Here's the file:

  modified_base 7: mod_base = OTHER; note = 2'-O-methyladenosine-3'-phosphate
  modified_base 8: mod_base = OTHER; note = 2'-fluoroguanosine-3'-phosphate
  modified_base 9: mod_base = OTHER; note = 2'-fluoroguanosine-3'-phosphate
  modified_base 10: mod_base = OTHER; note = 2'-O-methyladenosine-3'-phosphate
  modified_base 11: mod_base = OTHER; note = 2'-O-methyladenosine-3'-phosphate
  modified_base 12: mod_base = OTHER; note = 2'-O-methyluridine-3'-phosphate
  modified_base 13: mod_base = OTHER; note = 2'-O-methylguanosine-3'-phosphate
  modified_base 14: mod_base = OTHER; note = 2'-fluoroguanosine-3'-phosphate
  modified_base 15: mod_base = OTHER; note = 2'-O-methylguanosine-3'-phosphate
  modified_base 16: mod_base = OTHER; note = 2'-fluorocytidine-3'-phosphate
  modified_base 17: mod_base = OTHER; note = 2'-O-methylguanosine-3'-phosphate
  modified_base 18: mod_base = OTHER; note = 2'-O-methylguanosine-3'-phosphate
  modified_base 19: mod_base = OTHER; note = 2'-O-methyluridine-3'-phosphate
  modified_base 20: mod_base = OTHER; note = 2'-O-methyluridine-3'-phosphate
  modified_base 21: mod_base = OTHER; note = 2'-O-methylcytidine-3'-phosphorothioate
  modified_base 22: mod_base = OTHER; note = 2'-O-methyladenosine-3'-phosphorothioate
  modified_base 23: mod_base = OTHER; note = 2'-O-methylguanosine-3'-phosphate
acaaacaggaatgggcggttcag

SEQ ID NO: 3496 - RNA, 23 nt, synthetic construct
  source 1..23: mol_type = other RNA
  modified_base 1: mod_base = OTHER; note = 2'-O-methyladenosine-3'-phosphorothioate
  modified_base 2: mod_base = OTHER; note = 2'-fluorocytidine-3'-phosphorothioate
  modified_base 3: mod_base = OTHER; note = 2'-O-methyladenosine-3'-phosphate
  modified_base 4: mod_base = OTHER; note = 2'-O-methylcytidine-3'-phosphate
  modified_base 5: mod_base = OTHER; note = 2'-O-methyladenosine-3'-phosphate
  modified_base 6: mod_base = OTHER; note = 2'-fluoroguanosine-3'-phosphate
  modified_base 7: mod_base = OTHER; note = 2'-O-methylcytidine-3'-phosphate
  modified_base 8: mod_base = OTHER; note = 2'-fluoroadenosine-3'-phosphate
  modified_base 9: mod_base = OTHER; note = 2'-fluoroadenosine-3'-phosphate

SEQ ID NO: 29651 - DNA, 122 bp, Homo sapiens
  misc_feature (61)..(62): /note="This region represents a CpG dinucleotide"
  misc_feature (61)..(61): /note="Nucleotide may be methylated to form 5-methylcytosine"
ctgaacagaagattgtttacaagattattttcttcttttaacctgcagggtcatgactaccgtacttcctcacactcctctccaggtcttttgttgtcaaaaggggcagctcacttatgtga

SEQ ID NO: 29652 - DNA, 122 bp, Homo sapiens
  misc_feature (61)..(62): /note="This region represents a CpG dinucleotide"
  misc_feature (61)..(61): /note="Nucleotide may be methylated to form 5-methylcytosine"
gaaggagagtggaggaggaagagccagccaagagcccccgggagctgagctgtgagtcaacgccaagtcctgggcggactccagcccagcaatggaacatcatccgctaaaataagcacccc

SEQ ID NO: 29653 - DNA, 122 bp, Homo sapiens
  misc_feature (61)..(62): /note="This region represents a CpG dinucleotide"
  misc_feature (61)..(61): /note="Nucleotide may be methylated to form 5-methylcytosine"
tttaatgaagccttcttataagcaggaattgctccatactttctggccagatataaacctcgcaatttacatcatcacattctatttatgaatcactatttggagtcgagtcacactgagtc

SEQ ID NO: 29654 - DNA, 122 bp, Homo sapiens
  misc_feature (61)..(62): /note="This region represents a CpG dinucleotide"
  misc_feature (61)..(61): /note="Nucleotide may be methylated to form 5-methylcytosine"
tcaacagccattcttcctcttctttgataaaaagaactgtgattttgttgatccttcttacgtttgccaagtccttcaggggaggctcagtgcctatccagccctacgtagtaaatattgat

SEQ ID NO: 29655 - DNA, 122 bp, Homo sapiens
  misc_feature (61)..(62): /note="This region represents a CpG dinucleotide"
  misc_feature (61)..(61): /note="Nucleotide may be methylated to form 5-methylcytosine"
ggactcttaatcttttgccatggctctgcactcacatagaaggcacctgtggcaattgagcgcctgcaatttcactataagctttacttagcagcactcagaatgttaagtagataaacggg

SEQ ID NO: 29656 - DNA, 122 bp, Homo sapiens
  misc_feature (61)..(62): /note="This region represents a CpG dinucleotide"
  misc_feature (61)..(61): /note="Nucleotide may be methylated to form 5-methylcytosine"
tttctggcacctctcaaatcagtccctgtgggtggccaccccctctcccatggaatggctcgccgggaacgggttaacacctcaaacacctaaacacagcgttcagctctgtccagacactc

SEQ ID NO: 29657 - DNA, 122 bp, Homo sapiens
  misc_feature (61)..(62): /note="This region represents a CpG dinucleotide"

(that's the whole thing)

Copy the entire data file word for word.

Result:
  modified_base 7: mod_base = OTHER; note = 2'-O-methyladenosine-3'-phosphate
  modified_base 8: mod_base = OTHER; note = 2'-fluoroguanosine-3'-phosphate
  modified_base 9: mod_base = OTHER; note = 2'-fluoroguanosine-3'-phosphate
  modified_base 10: mod_base = OTHER; note = 2'-O-methyladenosine-3'-phosphate
  modified_base 11: mod_base = OTHER; note = 2'-O-methyladenosine-3'-phosphate
  modified_base 12: mod_base = OTHER; note = 2'-O-methyluridine-3'-phosphate
  modified_base 13: mod_base = OTHER; note = 2'-O-methylguanosine-3'-phosphate
  modified_base 14: mod_base = OTHER; note = 2'-fluoroguanosine-3'-phosphate
  modified_base 15: mod_base = OTHER; note = 2'-O-methylguanosine-3'-phosphate
  modified_base 16: mod_base = OTHER; note = 2'-fluorocytidine-3'-phosphate
  modified_base 17: mod_base = OTHER; note = 2'-O-methylguanosine-3'-phosphate
  modified_base 18: mod_base = OTHER; note = 2'-O-methylguanosine-3'-phosphate
  modified_base 19: mod_base = OTHER; note = 2'-O-methyluridine-3'-phosphate
  modified_base 20: mod_base = OTHER; note = 2'-O-methyluridine-3'-phosphate
  modified_base 21: mod_base = OTHER; note = 2'-O-methylcytidine-3'-phosphorothioate
  modified_base 22: mod_base = OTHER; note = 2'-O-methyladenosine-3'-phosphorothioate
  modified_base 23: mod_base = OTHER; note = 2'-O-methylguanosine-3'-phosphate
acaaacaggaatgggcggttcag

SEQ ID NO: 3496 - RNA, 23 nt, synthetic construct
  source 1..23: mol_type = other RNA
  modified_base 1: mod_base = OTHER; note = 2'-O-methyladenosine-3'-phosphorothioate
  modified_base 2: mod_base = OTHER; note = 2'-fluorocytidine-3'-phosphorothioate
  modified_base 3: mod_base = OTHER; note = 2'-O-methyladenosine-3'-phosphate
  modified_base 4: mod_base = OTHER; note = 2'-O-methylcytidine-3'-phosphate
  modified_base 5: mod_base = OTHER; note = 2'-O-methyladenosine-3'-phosphate
  modified_base 6: mod_base = OTHER; note = 2'-fluoroguanosine-3'-phosphate
  modified_base 7: mod_base = OTHER; note = 2'-O-methylcytidine-3'-phosphate
  modified_base 8: mod_base = OTHER; note = 2'-fluoroadenosine-3'-phosphate
  modified_base 9: mod_base = OTHER; note = 2'-fluoroadenosine-3'-phosphate

SEQ ID NO: 29651 - DNA, 122 bp, Homo sapiens
  misc_feature (61)..(62): /note="This region represents a CpG dinucleotide"
  misc_feature (61)..(61): /note="Nucleotide may be methylated to form 5-methylcytosine"
ctgaacagaagattgtttacaagattattttcttcttttaacctgcagggtcatgactaccgtacttcctcacactcctctccaggtcttttgttgtcaaaaggggcagctcacttatgtga

SEQ ID NO: 29652 - DNA, 122 bp, Homo sapiens
  misc_feature (61)..(62): /note="This region represents a CpG dinucleotide"
  misc_feature (61)..(61): /note="Nucleotide may be methylated to form 5-methylcytosine"
gaaggagagtggaggaggaagagccagccaagagcccccgggagctgagctgtgagtcaacgccaagtcctgggcggactccagcccagcaatggaacatcatccgctaaaataagcacccc

SEQ ID NO: 29653 - DNA, 122 bp, Homo sapiens
  misc_feature (61)..(62): /note="This region represents a CpG dinucleotide"
  misc_feature (61)..(61): /note="Nucleotide may be methylated to form 5-methylcytosine"
tttaatgaagccttcttataagcaggaattgctccatactttctggccagatataaacctcgcaatttacatcatcacattctatttatgaatcactatttggagtcgagtcacactgagtc

SEQ ID NO: 29654 - DNA, 122 bp, Homo sapiens
  misc_feature (61)..(62): /note="This region represents a CpG dinucleotide"
  misc_feature (61)..(61): /note="Nucleotide may be methylated to form 5-methylcytosine"
tcaacagccattcttcctcttctttgataaaaagaactgtgattttgttgatccttcttacgtttgccaagtccttcaggggaggctcagtgcctatccagccctacgtagtaaatattgat

SEQ ID NO: 29655 - DNA, 122 bp, Homo sapiens
  misc_feature (61)..(62): /note="This region represents a CpG dinucleotide"
  misc_feature (61)..(61): /note="Nucleotide may be methylated to form 5-methylcytosine"
ggactcttaatcttttgccatggctctgcactcacatagaaggcacctgtggcaattgagcgcctgcaatttcactataagctttacttagcagcactcagaatgttaagtagataaacggg

SEQ ID NO: 29656 - DNA, 122 bp, Homo sapiens
  misc_feature (61)..(62): /note="This region represents a CpG dinucleotide"
  misc_feature (61)..(61): /note="Nucleotide may be methylated to form 5-methylcytosine"
tttctggcacctctcaaatcagtccctgtgggtggccaccccctctcccatggaatggctcgccgggaacgggttaacacctcaaacacctaaacacagcgttcagctctgtccagacactc

SEQ ID NO: 29657 - DNA, 122 bp, Homo sapiens
  misc_feature (61)..(62): /note="This region represents a CpG dinucleotide"